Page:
I’ve already written extensively about The Houston Post and what it meant to those of us who worked there, but there’s something about round numbers that cause most humans to reflect, and today marks 20 years since Black Tuesday, that venerable newspaper’s last issue before it was shut down.
The Houston Post alumni e-mail list has been unusually busy of late with news about the death of a former colleague, and also with plans for a 20 year reunion in Houston later this summer. Then yesterday, another former colleague posted a photo on Facebook showing his copy of our final front page. Here’s what I wrote in response to that post: “Working there changed my life. Not working there did, too.”
Although I landed at another good newspaper that is itself on life-support today, I never had the same feeling working there that I did in Houston, even though I ended up working 15 years at The Star-Ledger as opposed to just 10 years at The Houston Post. In Houston, my response to belt-tightening or work demands had been to dig my foxhole deeper and keep fighting with everything I had. When the same things started happening at The Star-Ledger, it just pissed me off. Maybe that’s because I’d been through it before and had simply had enough, but more likely it’s because I left my heart in Houston.
For those of you who never worked for a newspaper, they become a part of your identity. There’s a sense of procreation when working for a newspaper. Journalists give birth to one every night and hold it in their hands. Sometimes what you held was wearing a smelly diaper, but more often than not you held a palpable sign of your hard work and dedication.
With the recent passing of two former colleagues — first Joe Fisher of The Star-Ledger, then Fred King of The Houston Post — I’ve been thinking a lot about newspapers and the people who put the spark of life into them. It’s not just newspapers that are dying. It’s us — the ink-stained wretches — who are also dying out and taking the spark with us.
Journalism isn’t dead yet, but journalism as we knew it is certainly dying. I don’t think it will be long before online news organizations won’t have anyone left to remember what it was like to work with … you know … paper!
When I started in newspapers in 1977, I just missed the hot-metal days, referring to the printing method that was prevalent at most newspapers prior to that time. The newspapers where I worked for 33 years used offset printing, and I always thought I would have been a better editor if I’d had some exposure to the older techniques.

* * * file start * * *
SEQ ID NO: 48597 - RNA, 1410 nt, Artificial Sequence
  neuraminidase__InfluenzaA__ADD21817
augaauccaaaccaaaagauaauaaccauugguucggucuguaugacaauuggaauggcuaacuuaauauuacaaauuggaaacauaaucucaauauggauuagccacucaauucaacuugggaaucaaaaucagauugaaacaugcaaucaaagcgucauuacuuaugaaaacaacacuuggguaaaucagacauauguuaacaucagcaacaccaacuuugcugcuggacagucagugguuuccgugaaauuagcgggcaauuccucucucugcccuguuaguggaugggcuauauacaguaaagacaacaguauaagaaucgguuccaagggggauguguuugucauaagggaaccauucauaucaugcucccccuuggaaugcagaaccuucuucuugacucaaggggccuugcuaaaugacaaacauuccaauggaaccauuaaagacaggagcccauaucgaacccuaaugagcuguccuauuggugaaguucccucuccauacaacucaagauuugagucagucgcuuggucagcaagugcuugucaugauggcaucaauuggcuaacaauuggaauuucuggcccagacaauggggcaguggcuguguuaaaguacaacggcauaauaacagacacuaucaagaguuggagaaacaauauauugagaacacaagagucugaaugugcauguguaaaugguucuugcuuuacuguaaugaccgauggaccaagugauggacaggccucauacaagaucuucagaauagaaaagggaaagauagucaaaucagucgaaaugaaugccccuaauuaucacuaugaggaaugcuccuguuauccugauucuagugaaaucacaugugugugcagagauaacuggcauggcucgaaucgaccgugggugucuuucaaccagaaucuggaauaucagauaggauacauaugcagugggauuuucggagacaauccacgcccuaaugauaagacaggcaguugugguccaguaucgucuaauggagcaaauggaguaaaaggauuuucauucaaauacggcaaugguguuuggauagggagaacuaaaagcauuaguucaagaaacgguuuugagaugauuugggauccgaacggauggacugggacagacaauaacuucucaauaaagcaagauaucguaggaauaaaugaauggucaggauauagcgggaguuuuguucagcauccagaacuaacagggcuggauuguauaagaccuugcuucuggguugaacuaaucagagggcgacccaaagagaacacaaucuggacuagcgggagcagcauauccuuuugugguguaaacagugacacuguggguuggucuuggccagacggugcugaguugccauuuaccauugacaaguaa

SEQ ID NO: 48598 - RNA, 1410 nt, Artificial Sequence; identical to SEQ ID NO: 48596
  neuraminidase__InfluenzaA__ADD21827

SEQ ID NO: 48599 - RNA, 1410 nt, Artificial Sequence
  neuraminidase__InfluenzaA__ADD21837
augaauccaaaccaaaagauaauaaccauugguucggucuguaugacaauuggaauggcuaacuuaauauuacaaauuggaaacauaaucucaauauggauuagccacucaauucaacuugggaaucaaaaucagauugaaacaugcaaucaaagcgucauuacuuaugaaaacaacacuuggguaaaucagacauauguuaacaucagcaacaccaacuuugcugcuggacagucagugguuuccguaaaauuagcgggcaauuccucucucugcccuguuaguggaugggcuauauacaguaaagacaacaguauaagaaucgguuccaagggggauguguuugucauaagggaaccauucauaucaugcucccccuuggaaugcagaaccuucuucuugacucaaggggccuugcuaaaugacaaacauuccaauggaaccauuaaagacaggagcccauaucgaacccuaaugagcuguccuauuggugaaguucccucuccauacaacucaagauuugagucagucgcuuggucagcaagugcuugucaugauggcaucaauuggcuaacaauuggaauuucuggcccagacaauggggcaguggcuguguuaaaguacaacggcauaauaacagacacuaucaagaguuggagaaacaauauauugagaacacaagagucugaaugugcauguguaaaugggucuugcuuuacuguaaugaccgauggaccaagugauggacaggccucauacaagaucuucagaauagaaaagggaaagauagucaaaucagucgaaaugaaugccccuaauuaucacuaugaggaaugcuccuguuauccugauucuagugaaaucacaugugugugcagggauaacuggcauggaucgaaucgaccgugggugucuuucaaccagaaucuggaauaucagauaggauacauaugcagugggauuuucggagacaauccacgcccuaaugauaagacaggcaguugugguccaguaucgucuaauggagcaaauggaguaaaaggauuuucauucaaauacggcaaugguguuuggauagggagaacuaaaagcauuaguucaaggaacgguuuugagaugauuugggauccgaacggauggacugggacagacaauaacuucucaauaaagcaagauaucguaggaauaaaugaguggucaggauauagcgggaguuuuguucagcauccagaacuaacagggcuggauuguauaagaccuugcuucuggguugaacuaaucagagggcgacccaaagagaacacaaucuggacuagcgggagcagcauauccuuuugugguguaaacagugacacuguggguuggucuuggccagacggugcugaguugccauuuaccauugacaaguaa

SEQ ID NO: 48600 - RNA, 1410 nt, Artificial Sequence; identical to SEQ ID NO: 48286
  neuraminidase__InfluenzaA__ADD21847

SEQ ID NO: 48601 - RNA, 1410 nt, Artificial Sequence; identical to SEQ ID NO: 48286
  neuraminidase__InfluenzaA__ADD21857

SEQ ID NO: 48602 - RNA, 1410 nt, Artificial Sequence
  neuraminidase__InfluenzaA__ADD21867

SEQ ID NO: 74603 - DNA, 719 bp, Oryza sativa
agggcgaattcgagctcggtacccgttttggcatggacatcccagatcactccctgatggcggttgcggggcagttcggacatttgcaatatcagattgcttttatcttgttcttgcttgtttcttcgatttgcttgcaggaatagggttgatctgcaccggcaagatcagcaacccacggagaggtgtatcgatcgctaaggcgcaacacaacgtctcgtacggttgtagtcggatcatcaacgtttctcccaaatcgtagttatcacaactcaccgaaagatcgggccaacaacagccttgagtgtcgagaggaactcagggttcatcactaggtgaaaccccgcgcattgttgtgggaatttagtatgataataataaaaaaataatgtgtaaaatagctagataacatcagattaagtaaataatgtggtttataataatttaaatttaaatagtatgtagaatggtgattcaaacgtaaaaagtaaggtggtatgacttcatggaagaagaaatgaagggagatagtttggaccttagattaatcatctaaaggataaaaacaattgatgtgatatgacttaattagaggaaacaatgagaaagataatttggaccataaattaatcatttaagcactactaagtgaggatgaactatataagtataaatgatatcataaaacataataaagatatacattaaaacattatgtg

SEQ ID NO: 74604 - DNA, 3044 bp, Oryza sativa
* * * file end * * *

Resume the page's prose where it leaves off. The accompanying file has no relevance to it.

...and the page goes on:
With each advancement in technology, newspapers gained speed but lost something in know-how. There’s not a doubt in my mind that technology cost newspapers a lot of what made them cool. The throbbing, beating heart of any newspaper is its printing presses, but by the time I got there, The Star-Ledger’s presses weren’t even in the same building as where I worked every night in Newark, N.J.
By the time I hung up my green eyeshade, new journalists coming out of college didn’t know how to count headlines, had never worked with printers, didn’t know how to rip wire copy or even know what the old guys were talking about when we reminisced about narrow-gauge vs. wide-gauge teletype paper. The new breed had never heard of a pica or a pica pole (I’m looking at you, Young Skywalker!), never scaled a photo the old-fashioned way, never saw a glue pot or a hot-wax machine, never stood in the pressroom at 2:30 a.m to take a fresh one right off the press after stumbling back to the office when the bars closed at 2.
Just like someone might have felt sorry for me that I missed out on Linotype machines, I feel sorry for the kids who missed out on all those other things that really aren’t needed anymore.
In my day, there was pride in seeing what you worked on all night being read by a stranger the next morning. Conversely, any sense of self-importance was destroyed when we saw our baby sailing down a rain-washed gutter or trampled underfoot in the aisle of a bus. I think of Peter Radowick’s final edition memento. What will you online news junkies do when you publish your last edition? Nail your iPad to the wall?
With each death, with each retirement, there are fewer of us left to remember how it was. Does it matter? Maybe only to us.
Twenty years gone. Goodbye, you ink-stained wretches.